In late eighteenth-century France, women do not have a place in politics. But as the tide of revolution rises, women from gilded salons to the streets of Paris decide otherwise—upending a world order that has long oppressed them.
Blue-blooded Sophie de Grouchy believes in democracy, education, and equal rights for women, and marries the only man in Paris who agrees. Emboldened to fight the injustices of King Louis XVI, Sophie aims to prove that an educated populace can govern itself—but one of her students, fruit-seller Louise Audu, is hungrier for bread and vengeance than learning. When the Bastille falls and Louise leads a women’s march to Versailles, the monarchy is forced to bend, but not without a fight. The king’s pious sister Princess Elisabeth takes a stand to defend her brother, spirit her family to safety, and restore the old order, even at the risk of her head.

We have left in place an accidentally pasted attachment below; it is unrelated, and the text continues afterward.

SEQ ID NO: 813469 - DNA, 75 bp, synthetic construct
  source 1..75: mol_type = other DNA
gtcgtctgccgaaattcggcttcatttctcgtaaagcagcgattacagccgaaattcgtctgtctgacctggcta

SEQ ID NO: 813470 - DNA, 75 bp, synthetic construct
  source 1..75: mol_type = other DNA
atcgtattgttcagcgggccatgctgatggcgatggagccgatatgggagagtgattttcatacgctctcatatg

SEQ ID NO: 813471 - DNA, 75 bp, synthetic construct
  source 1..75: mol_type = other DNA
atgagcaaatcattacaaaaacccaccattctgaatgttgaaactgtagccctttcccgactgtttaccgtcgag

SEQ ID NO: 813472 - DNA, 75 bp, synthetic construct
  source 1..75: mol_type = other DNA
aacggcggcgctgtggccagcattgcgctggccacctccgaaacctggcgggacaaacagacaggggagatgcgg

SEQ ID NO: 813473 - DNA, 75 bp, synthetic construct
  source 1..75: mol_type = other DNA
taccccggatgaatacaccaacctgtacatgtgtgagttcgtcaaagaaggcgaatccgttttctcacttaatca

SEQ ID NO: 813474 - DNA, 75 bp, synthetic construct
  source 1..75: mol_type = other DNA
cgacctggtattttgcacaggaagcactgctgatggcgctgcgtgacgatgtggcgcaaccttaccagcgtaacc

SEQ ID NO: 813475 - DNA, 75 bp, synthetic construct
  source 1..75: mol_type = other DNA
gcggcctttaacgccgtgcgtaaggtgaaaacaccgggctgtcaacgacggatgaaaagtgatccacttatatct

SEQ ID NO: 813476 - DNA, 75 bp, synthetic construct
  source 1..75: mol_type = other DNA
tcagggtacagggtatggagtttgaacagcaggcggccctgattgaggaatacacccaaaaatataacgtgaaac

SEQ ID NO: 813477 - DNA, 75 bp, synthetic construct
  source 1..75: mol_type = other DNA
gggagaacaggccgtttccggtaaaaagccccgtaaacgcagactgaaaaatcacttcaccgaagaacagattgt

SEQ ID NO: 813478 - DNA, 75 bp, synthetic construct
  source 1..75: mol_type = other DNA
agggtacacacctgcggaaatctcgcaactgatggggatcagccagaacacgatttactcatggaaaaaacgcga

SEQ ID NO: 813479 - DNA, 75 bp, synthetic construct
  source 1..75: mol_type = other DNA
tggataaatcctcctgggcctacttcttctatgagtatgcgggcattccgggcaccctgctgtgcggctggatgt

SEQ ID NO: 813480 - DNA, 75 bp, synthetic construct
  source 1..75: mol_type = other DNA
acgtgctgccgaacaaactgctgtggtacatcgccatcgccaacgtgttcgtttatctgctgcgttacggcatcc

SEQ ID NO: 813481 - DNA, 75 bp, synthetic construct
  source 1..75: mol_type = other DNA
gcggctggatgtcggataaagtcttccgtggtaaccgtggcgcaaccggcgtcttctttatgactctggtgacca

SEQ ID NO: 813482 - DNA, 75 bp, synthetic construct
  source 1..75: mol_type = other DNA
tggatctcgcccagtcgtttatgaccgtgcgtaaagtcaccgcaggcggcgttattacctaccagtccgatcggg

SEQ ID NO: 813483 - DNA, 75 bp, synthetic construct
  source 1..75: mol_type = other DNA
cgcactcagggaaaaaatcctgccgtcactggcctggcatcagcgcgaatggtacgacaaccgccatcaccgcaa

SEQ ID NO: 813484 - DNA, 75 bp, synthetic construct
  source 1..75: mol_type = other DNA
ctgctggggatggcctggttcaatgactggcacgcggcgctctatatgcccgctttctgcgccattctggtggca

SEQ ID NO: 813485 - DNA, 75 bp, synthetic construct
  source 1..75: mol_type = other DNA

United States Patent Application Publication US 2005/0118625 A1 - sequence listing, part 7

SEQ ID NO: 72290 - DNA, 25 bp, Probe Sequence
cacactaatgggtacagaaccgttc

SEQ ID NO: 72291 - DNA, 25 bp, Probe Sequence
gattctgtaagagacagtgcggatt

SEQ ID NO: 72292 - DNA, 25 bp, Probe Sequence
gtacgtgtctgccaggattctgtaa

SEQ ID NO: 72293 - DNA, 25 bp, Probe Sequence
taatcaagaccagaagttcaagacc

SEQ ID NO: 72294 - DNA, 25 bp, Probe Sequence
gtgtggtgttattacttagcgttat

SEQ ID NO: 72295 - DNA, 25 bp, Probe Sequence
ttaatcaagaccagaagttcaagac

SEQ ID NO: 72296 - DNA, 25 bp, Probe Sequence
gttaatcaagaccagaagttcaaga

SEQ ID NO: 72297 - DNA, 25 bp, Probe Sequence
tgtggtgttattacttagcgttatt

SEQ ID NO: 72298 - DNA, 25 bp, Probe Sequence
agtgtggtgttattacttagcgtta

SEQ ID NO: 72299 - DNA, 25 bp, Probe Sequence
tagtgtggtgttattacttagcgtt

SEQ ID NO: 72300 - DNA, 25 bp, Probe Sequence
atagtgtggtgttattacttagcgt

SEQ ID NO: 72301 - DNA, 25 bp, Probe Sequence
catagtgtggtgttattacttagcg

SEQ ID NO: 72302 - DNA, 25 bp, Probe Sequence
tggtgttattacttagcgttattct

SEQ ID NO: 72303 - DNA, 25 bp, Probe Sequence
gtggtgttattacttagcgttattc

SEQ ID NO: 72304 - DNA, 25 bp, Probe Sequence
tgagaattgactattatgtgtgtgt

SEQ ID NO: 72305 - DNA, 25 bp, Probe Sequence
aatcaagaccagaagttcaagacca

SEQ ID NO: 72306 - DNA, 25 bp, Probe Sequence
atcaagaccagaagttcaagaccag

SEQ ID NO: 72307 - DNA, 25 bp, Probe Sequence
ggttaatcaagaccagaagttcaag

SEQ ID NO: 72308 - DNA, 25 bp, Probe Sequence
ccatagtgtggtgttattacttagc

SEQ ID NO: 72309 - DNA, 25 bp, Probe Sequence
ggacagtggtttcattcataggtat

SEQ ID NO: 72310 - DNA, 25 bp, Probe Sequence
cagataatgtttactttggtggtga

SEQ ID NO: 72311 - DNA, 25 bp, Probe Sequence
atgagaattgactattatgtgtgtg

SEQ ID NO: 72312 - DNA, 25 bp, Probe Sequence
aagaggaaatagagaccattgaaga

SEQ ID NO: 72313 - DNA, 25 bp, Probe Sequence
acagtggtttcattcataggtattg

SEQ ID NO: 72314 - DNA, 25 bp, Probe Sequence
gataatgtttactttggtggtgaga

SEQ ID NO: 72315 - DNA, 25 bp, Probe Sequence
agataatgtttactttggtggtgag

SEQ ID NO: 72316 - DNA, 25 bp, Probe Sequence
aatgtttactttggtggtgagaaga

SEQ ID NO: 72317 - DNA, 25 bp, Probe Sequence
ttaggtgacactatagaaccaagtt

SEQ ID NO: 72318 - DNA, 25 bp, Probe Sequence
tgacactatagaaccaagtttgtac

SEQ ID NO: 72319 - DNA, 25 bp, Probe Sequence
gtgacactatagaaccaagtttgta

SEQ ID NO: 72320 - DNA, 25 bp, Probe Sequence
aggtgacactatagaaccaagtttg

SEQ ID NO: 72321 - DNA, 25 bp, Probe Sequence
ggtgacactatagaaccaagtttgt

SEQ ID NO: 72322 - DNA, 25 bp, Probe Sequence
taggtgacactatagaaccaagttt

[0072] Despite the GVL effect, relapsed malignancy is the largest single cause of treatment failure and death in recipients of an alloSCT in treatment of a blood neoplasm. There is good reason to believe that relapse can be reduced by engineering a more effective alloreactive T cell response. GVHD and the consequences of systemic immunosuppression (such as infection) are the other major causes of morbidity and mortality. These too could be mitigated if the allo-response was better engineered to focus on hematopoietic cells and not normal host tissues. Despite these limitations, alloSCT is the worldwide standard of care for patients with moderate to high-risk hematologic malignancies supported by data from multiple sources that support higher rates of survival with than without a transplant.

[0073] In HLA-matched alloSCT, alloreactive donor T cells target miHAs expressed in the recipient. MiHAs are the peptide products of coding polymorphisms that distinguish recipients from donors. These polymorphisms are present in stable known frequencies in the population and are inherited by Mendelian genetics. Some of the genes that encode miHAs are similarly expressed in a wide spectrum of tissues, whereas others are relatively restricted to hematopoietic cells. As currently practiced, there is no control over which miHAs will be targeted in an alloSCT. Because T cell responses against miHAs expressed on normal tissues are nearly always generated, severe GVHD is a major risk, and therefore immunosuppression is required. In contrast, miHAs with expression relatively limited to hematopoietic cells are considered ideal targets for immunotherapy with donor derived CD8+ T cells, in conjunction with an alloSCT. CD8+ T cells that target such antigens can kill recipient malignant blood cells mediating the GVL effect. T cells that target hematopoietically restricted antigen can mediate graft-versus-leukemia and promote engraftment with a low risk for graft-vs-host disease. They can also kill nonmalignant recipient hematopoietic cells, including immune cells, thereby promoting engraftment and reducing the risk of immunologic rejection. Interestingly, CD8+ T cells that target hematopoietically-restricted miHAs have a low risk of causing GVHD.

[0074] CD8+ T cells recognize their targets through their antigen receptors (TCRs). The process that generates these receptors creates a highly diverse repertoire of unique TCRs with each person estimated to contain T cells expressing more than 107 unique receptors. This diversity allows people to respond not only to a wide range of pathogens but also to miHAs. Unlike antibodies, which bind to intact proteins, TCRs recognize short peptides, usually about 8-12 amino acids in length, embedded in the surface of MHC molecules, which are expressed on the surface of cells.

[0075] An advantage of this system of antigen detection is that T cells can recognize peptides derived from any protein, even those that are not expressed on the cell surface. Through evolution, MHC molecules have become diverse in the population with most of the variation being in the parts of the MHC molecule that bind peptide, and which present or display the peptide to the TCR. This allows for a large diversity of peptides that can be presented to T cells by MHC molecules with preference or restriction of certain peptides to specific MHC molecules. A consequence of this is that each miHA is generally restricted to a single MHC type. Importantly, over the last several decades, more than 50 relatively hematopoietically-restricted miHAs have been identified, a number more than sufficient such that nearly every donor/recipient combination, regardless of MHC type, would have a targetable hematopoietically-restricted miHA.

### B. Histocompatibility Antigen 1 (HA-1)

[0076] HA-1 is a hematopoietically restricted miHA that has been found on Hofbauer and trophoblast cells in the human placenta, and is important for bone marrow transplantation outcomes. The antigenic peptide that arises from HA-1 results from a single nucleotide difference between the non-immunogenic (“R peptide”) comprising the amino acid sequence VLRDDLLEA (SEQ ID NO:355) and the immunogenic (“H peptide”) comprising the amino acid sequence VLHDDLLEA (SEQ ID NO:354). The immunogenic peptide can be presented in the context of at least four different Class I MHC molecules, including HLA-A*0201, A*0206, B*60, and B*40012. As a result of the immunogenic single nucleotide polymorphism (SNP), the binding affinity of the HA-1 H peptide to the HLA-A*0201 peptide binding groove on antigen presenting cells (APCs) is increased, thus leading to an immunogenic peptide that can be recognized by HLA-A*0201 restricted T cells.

But when fanatics use the newspapers to twist the revolution’s ideals into a new tyranny, even the women who toppled the monarchy are threatened by the guillotine. Putting her faith in the pen, brilliant political wife Manon Roland tries to write a way out of France’s blood-soaked Reign of Terror while pike-bearing Pauline Leon and steely Charlotte Corday embrace violence as the only way to save the nation. With justice corrupted by revenge, all the women must make impossible choices to survive—unless unlikely heroine and courtesan’s daughter Emilie de Sainte-Amaranthe can sway the man who controls France’s fate: the fearsome Robespierre.
Kate Quinn is a The New York Times and USA Today bestselling author of historical fiction, including The Huntress and The Alice Network. A native of southern California, she attended Boston University where she earned a Bachelor's and Master's degree in Classical Voice.
Laura Kamoie is the The New York Times, The Wall Street Journal, and USA Today bestselling author of historical fiction. She holds a Ph.D. in early American history, is a published non-fiction author, and worked as Associate Professor of history at the U.S. Naval Academy before writing fiction full-time.
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